In CX, we all focus on making the experience easier on our customers. (We even made it the title of our book.) But building loyalty isn’t as simple as removing friction.
Don’t get me wrong. It’s definitely worthwhile to simplify your customer experience. Friction is a key driver behind loyalty destruction, and your organization will benefit from streamlining processes and making it easier for customers to resolve issues.
But it won’t build fans who will go out of their way to order from you. That takes something bigger.
I realize not every agrees with me. In their book The Effortless Experience, the CEB (now part of Gartner) showed that focusing on making it easier to resolve issues improved loyalty more than focusing on creating “wow” experiences. Similarly, Beyond Philosophy reported in Customer Complaints X-Ray that reducing effort is the most important outcome for improving loyalty.
So what’s my problem?
I addressed this issue a couple of years back, contrasting these reports with Forrester’s finding (from The Power of Moments) that
The critical limitation of the CEB and Beyond Philosophy reports was that they were analyzing a customer service effort. When you restrict your analysis to resolving a service issue, you alter the critical outcome. Because in that unique situation, customers don’t want to be wowed – they just want to be done. So reducing effort makes perfect sense there, and will have a bigger impact.
But despite the myth of the service recovery paradox – which has largely been debunked – you don’t build loyalty from resolving issues. You only prevent disloyalty. Those are not the same thing, and they don’t have the effect on your bottom line.
Loyalty occurs when customers can choose another provider but don’t. Game-changing loyalty happens when customers have a cheaper or easier alternative yet still choose to do business with you. In that scenario, it’s emotional connection, not ease, that tips the scales.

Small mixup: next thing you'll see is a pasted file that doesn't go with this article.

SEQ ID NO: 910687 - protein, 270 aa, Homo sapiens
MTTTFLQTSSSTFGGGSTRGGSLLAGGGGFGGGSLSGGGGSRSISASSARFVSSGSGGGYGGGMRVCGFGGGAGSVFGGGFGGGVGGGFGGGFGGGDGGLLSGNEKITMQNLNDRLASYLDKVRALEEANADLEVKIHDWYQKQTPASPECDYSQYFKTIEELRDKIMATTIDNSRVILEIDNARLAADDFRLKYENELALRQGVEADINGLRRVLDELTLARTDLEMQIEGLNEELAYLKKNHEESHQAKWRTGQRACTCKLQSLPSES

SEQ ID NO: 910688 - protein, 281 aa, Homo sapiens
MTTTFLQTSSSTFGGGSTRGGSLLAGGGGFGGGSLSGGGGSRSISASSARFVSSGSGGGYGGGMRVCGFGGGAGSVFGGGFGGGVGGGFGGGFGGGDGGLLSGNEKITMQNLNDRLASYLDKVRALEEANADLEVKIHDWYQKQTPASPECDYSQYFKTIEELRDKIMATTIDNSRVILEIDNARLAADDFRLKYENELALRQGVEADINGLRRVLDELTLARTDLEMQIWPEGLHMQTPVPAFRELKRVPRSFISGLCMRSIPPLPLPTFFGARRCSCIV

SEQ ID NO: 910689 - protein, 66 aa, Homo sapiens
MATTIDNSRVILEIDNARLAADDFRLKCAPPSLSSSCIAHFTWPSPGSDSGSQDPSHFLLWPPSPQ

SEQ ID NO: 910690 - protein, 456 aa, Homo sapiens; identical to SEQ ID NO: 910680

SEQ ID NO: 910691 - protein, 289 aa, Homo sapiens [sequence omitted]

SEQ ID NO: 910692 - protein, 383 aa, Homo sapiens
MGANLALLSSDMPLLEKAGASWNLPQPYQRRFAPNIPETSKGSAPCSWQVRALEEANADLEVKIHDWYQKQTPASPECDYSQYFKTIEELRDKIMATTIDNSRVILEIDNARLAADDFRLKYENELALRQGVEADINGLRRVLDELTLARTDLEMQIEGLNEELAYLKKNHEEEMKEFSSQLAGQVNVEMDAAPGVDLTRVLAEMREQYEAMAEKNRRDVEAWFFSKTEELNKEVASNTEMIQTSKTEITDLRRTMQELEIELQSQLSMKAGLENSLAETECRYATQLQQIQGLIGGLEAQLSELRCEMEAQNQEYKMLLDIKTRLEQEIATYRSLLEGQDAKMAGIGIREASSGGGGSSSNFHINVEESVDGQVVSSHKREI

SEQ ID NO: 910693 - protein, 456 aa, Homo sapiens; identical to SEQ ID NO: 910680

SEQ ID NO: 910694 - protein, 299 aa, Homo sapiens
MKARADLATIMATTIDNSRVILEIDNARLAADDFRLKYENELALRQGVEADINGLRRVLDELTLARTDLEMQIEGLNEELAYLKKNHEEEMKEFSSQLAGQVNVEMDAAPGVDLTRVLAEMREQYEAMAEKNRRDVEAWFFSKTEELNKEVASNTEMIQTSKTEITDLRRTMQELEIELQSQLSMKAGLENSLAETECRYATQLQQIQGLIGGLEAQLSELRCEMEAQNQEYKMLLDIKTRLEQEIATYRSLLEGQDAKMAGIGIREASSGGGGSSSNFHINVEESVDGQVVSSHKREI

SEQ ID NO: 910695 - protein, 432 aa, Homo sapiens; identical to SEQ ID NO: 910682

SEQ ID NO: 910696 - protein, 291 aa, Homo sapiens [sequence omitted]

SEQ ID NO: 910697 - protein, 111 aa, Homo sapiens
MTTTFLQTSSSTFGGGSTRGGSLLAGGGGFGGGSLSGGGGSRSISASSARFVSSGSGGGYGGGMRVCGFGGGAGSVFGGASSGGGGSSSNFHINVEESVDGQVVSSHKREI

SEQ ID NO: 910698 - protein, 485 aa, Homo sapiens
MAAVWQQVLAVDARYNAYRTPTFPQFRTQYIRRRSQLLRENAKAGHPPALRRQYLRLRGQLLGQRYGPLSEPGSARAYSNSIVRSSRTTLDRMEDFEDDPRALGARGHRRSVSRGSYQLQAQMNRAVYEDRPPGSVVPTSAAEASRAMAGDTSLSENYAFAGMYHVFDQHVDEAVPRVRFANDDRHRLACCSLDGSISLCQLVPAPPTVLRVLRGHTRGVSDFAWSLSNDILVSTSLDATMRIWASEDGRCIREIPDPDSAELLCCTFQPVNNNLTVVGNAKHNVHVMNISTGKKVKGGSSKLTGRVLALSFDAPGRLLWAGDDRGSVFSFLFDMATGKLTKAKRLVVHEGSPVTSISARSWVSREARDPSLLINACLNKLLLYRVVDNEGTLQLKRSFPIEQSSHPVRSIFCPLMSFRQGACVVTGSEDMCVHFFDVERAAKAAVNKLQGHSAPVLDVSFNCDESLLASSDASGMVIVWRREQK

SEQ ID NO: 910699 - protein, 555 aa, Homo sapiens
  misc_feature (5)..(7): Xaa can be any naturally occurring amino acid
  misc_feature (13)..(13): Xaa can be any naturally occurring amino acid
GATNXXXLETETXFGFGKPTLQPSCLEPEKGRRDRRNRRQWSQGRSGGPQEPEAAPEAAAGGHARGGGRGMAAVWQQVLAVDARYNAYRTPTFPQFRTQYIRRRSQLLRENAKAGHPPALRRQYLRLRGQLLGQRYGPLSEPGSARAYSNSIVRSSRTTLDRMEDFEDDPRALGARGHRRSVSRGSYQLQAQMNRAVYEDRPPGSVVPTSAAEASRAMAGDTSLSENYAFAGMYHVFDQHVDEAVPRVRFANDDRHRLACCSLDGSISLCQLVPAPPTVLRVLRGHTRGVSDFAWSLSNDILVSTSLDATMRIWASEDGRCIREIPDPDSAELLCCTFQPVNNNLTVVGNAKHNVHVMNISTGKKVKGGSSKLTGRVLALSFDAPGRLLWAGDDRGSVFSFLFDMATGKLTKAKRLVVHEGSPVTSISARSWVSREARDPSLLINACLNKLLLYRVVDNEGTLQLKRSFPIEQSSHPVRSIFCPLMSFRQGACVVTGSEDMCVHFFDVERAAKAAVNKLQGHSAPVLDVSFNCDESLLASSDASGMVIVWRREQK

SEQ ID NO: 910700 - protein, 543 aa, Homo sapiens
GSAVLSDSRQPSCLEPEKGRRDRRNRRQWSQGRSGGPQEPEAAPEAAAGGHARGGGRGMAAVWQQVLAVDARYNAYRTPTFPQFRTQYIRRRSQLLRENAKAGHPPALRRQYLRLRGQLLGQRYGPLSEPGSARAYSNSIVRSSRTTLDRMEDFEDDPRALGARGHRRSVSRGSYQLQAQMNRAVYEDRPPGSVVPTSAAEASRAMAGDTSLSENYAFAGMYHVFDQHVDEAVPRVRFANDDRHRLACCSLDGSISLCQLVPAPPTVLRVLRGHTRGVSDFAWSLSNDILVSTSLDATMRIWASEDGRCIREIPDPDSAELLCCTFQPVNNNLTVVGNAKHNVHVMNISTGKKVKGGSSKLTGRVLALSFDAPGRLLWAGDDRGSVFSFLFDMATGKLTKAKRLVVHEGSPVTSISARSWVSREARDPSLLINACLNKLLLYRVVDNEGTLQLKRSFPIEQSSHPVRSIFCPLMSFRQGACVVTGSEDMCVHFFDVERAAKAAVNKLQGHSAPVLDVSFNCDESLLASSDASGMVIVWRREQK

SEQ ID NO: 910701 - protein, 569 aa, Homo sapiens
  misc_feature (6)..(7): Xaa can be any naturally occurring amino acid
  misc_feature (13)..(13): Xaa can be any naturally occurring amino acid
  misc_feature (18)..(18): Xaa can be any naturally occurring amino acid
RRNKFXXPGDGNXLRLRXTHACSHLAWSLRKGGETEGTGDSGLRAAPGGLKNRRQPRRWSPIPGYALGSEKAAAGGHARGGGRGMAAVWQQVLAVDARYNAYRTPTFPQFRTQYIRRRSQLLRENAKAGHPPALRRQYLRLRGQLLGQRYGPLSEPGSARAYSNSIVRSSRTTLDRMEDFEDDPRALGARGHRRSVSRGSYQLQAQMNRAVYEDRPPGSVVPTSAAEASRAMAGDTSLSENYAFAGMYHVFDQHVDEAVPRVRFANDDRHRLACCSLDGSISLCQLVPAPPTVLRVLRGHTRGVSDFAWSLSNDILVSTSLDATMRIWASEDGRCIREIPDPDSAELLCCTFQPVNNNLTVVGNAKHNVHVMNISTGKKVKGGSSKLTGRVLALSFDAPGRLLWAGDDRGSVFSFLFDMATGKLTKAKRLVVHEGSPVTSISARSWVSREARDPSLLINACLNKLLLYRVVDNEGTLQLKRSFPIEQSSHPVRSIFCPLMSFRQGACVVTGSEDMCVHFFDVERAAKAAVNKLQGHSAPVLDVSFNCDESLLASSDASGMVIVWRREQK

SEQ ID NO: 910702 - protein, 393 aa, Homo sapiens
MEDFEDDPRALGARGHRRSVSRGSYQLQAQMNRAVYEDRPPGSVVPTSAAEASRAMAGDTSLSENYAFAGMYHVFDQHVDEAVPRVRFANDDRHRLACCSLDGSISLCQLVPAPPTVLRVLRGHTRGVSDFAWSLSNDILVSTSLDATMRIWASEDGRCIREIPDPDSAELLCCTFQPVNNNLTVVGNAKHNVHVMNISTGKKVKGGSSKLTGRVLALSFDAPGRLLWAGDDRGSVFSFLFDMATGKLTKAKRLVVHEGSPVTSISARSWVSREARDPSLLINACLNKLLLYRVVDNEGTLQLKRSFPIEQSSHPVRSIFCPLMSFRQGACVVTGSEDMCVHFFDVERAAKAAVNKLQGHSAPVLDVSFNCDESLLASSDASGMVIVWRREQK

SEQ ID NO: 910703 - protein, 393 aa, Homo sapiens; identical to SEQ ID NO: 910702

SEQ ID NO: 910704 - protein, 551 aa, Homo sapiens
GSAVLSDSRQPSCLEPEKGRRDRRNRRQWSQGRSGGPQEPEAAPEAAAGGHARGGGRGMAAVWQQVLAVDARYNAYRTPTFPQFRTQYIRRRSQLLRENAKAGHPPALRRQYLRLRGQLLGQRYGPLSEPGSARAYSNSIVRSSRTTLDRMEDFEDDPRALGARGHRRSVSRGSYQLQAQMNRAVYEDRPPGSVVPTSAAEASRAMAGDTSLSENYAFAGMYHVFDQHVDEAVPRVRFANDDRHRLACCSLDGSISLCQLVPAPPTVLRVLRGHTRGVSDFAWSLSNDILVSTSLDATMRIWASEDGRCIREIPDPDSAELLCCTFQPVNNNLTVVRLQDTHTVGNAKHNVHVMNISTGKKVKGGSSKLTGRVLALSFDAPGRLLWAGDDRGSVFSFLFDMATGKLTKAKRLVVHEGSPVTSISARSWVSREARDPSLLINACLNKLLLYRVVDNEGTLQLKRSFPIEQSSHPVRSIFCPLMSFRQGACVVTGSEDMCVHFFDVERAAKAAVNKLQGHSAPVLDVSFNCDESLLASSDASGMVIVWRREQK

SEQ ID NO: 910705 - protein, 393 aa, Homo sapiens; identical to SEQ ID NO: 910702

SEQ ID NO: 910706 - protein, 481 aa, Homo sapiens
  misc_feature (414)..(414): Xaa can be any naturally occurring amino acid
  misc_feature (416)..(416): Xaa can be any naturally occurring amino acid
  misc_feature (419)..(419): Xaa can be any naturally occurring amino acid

Both Forrester and the XM Institute have found that emotions have the greatest impact on loyalty. But their work is largely B2C. Does the same hold true for B2B relationships?
Heart of the Customer’s research shows that it does. While we don’t have comprehensive cross-industry studies to look to like we do for B2C, we’ve found that across industries as diverse as manufacturing, software, and insurance, building an emotional connection also creates long-lasting B2B loyalty.
But don’t take my word for it. Jen Zamora, Dow’s Senior Global Director of CX & EX, has found the exact same thing. You can hear about her experience for yourself at Reuters Events’ upcoming Customer Service & Experience USA 2020, a virtual event taking place November 17-18.
Since April, Jen has been writing a series of articles about the Dow CX program on LinkedIn. I will have the opportunity to sit down with her (at least virtually) as she walks through the linkage her team at Dow has discovered between an enjoyable experience and ongoing loyalty.
Yes, you read that right: Dow creates an enjoyable experience in the chemical manufacturing industry. No easy feat.
I always enjoy Jen’s insights, and I know you will, too. So I hope you’ll join me (registration is free!) as I moderate a discussion with Jen and an impressive slew of other customer experience leaders.